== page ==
If you’re tired of jiggling the handle and you wait eons for the tank to refill, or you want to reduce your water bill, it’s time to buy a new toilet.
When is buying new better than repairing? Simply look online at available models and then check prices against buying parts and/or hiring a plumber to come fix your toilet.
Remember, a new toilet gives you an opportunity to buy a “high efficiency” toilet which uses an average 1.3 gallons per flush. This can save you $50 to $100 a year over old 7 GPF models, according to GreenAndSave.com. Also, federal tax credits are available until December 31, 2010 for 30% of the cost of the equipment, up to $1,500, so be sure to see if the toilet you select qualifies.
1) Select a toilet that fits the space your old one is vacating, especially if you’ve got tile floors yhou don’t want to replace. Take measurements of where the toilet is to make sure the new unit will have enough room. If you’re totally remodeling and want a new model, make sure there is enough leg and head room for occupants to use the facility comfortably.
Your toilet should be placed to allow a 30” area for the toilet, with 24” in front of the toilet for legroom, according to the uniform building codes (UBC section 2705.1 or IRC section 408.6.)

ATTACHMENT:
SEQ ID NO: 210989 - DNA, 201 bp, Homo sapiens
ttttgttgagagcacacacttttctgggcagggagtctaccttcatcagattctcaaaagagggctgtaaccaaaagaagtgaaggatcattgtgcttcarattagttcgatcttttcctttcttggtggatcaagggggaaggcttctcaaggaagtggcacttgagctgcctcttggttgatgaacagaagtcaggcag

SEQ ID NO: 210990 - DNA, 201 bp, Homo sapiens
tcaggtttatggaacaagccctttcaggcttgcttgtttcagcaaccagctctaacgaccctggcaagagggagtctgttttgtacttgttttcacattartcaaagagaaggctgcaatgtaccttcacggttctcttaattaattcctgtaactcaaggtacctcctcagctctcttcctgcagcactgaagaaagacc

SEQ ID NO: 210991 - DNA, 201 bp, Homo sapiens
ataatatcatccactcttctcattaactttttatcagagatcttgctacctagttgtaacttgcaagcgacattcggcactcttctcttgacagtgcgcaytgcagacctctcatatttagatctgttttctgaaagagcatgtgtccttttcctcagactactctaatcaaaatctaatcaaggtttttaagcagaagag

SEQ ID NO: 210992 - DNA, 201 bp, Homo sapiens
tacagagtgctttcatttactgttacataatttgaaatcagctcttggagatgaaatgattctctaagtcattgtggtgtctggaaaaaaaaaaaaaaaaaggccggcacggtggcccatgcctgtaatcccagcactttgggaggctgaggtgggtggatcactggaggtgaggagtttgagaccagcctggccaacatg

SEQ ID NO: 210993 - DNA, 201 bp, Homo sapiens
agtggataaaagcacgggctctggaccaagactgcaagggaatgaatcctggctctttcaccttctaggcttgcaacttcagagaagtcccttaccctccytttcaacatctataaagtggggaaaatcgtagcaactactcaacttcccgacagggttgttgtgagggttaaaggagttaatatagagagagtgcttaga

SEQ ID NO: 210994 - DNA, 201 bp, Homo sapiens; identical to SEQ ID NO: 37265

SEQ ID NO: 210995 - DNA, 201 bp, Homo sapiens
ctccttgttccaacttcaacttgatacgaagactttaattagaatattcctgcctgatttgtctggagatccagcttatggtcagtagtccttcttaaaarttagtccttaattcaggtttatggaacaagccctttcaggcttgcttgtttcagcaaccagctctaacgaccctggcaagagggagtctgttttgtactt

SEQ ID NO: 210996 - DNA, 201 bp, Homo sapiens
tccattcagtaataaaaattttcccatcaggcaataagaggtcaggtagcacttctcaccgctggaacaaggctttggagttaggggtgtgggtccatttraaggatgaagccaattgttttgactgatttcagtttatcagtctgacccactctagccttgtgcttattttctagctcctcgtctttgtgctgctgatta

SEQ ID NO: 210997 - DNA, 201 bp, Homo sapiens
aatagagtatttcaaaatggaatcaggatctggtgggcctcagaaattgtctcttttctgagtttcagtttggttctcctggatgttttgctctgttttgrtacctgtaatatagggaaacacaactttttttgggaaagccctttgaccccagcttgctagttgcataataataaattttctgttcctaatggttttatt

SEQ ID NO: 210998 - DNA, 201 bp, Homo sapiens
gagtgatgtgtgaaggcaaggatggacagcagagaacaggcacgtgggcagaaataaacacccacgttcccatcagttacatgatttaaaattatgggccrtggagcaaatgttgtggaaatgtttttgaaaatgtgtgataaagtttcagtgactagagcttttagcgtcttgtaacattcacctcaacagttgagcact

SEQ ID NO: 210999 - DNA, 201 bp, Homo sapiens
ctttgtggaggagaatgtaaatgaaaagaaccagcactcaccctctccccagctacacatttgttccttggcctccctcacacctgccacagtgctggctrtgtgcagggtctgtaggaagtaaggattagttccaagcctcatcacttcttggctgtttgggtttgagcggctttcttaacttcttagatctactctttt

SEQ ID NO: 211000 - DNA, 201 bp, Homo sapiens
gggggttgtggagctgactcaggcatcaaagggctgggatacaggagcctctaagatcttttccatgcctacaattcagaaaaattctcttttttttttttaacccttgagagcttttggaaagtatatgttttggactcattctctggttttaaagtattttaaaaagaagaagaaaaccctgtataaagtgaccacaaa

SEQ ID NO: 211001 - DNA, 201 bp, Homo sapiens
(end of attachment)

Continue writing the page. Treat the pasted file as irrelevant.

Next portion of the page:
2) Remove the old toilet. AcmeHowTo.com says the most efficient way to do this is turn off the water, drain the toilet, and disconnect the water line. You can then remove the tank, followed by the nuts at the base of the bowl that secure it to the floor. Pick up the old unit, stuff the pipe with a rag to keep sewer emissions from entering your home, and then remove, preferably with the help of a partner.
3) See if there is any damage to the flange. This apparatus secures your toilet to the drainpipe in the floor. If cracked or broken you can fix the damaged area with a flange span. Otherwise, scrape off the residue of the old wax bowl ring, and replace it with a new wax bowl ring. The ring seals the toilet at the pipe, preventing water and sewer gas leakage.
4) To place the bowl, thread the bolts sticking up from the flange through the holes at the base of the bowl and tighten down. Toiletology.com stresses that you must keep the toilet level, because the bowl will rock and break that seal from the wax bowl ring.
Note: It may be necessary to attach rubber strips to the bottom of the bowl to increase friction against the floor.
5) Attach the tank to the back. Your goal is again keeping it level, which should be easy if the bowl is already level. Screw the bolts down evenly with enough pressure to flatten the gaskets and seal the toilet.
6) Finish the job. Attach the water line from the floor to the intake at the bottom of the tank. Hammerzone.com recommends that you apply a lining of silicone caulk around the front and sides to further secure the toilet from wobble. Do not caulk the back because, if water begins leaking, you’ll have early warning before a potentially disastrous situation comes up.
If possible, wait a few days before using the toilet to see if everything is still level. If there are no problems turn on the water and begin using your new commode.